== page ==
Astros officially sign comp pick Cameron
HOUSTON -- Mike Cameron first took his son, Daz, on the field when he was two years old. His dad was then with the Cincinnati Reds, so Daz Cameron would often flock to Barry Larkin and then cry when his mother, JaBreka, came to get him before the game began.
In Seattle, Daz Cameron had a locker just like his dad -- like all the players' children. The kids would go on the field hours before the game to play. Afterward, every child would go to play his or her Little League game, but Daz insisted on watching the Mariners.
On Tuesday, the scenario was flipped. Father watched son take his first big league batting practice inside Minute Maid Park, then watched him participate in his first press conference as a professional baseball player, fielding questions alongside agent Scott Boras, Astros director of scouting Mike Elias and signing scout Gavin Dickey as the Astros introduced Daz Cameron, their 37th overall Draft pick.
Houston, which had already agreed to terms with first-rounders Alex Bregman and Kyle Tucker, reached a deal with Daz Cameron that will pay him $4 million, according to MLBPipeline.com's Jim Callis. The Astros have not confirmed the value of the bonus.
"I'm happy for him," Mike Cameron said. "I'm kind of relieved to be honest with you because it worried the heck out of me every day about it. Now, he gets the chance to experience it, all the things that I talked about for so long and all the things that I tried to instill in him, now they will come into play starting tomorrow or starting on Thursday."
Daz Cameron signed for significantly more than the recommended slot bonus ($1,668,600). Cameron is a right-handed-hitting outfielder from Eagle's Landing Christian Academy in McDonough, Ga.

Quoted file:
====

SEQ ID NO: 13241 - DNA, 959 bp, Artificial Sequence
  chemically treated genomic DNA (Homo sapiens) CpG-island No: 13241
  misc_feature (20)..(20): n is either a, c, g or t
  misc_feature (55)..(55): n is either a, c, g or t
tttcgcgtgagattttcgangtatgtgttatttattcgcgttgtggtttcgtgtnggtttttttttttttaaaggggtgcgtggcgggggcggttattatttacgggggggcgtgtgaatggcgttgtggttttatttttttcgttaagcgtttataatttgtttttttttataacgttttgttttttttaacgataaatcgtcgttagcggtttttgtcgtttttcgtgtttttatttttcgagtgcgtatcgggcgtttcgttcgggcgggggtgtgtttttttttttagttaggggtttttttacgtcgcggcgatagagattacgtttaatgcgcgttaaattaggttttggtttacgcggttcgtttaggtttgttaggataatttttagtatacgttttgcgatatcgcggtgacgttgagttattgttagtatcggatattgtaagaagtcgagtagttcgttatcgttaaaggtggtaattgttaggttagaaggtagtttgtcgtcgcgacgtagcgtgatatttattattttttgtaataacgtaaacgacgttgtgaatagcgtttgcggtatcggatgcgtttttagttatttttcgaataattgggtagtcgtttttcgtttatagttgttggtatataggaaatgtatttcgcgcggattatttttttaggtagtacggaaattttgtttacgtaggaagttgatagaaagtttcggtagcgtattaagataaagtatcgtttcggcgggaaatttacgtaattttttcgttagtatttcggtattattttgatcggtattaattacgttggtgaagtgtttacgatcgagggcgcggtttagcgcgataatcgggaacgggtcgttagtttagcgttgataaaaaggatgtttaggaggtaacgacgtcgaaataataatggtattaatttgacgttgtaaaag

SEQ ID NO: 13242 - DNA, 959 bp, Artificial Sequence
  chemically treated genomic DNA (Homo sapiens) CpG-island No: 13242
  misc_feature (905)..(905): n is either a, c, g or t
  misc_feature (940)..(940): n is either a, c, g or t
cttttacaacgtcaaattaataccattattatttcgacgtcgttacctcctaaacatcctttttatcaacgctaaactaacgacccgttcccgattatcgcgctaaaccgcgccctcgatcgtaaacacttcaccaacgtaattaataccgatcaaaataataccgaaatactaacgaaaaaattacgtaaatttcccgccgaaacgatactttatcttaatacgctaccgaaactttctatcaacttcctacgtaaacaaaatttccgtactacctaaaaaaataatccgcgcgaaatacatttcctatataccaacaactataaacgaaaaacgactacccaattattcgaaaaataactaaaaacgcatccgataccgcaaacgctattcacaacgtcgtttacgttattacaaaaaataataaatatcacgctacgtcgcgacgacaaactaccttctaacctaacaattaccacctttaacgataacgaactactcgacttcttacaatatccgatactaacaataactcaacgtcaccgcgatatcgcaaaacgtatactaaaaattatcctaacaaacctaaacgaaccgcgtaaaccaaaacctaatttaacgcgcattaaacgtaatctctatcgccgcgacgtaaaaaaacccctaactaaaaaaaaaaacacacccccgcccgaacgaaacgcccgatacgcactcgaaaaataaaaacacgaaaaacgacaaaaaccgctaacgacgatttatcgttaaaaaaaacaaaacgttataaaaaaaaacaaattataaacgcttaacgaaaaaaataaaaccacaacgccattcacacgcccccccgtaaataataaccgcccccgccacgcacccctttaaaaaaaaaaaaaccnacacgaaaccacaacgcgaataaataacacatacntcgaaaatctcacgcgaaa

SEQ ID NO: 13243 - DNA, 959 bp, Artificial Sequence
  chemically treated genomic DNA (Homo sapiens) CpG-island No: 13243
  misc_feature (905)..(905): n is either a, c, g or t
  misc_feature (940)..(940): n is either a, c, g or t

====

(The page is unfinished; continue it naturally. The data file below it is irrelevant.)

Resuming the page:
Bregman (No. 4), Cameron (No. 6) and Tucker (No. 7) all carried elite rankings in MLB.com's list of the top 50 eligible prospects prior to the MLB Draft. The Astros have agreed to terms with each of their draftees in the top 10 rounds except for second-round selection Thomas Eshelman.
Elias said Cameron -- a five-tool outfielder who some projected could have gone in the Top 10 of the Draft -- will be assigned to the Gulf Coast League.
"He checks a lot of boxes for us, not only in terms of his skills, but in terms of his makeup," Elias said. "He was raised the right way, he plays the game the right way, plays the game hard."
The Astros began scouting Cameron in 10th grade and saw more than 100 of his at-bats, vaulting him up their Draft boards.
Now with Cameron scheduled to make his professional debut later this week, Mike reflected on the attitudes both he and past teammates imparted to his son, hoping Daz would carry a few over into this new stage in his career.
"Probably the biggest thing for him is to understand failure. He hasn't really had it yet. The routine, the baseball routine, I don't think he should have a problem, it's just about him being engaged," Mike Cameron said. "Him being highly touted adds a little bit of pressure then to have my name attached to it."
In his last Major League season, Mike Cameron took Daz on a road trip. He got to live the life of a Major Leaguer for at least a few days, going from hotel to hotel and ballpark to ballpark, needing the same energy and work ethic each day.
Reflecting back now, the trip more readied Daz for his new life.
"Me and my dad chopped it up," Daz laughed. "Learned how to hit. He took me to the outfield, taught me many things I know today. It was fun, exciting and a great experience for me. See how the players go about their business and have a plan every day."